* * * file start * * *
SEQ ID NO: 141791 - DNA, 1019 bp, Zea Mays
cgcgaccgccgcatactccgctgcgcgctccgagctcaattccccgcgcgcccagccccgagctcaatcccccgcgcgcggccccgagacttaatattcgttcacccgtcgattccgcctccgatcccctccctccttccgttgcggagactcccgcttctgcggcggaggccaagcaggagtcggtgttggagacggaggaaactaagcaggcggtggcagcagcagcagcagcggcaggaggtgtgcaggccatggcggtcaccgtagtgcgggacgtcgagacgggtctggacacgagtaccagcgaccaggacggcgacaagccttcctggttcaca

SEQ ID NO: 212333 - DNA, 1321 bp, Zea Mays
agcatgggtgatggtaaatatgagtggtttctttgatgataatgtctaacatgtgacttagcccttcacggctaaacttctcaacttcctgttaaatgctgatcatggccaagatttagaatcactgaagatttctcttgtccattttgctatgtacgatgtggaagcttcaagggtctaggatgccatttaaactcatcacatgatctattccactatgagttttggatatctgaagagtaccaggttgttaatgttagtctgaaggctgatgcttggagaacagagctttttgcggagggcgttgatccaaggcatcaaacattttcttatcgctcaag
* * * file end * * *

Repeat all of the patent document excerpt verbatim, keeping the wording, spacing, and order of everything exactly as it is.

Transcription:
SEQ ID NO: 141791 - DNA, 1019 bp, Zea Mays
cgcgaccgccgcatactccgctgcgcgctccgagctcaattccccgcgcgcccagccccgagctcaatcccccgcgcgcggccccgagacttaatattcgttcacccgtcgattccgcctccgatcccctccctccttccgttgcggagactcccgcttctgcggcggaggccaagcaggagtcggtgttggagacggaggaaactaagcaggcggtggcagcagcagcagcagcggcaggaggtgtgcaggccatggcggtcaccgtagtgcgggacgtcgagacgggtctggacacgagtaccagcgaccaggacggcgacaagccttcctggttcaca

SEQ ID NO: 212333 - DNA, 1321 bp, Zea Mays
agcatgggtgatggtaaatatgagtggtttctttgatgataatgtctaacatgtgacttagcccttcacggctaaacttctcaacttcctgttaaatgctgatcatggccaagatttagaatcactgaagatttctcttgtccattttgctatgtacgatgtggaagcttcaagggtctaggatgccatttaaactcatcacatgatctattccactatgagttttggatatctgaagagtaccaggttgttaatgttagtctgaaggctgatgcttggagaacagagctttttgcggagggcgttgatccaaggcatcaaacattttcttatcgctcaag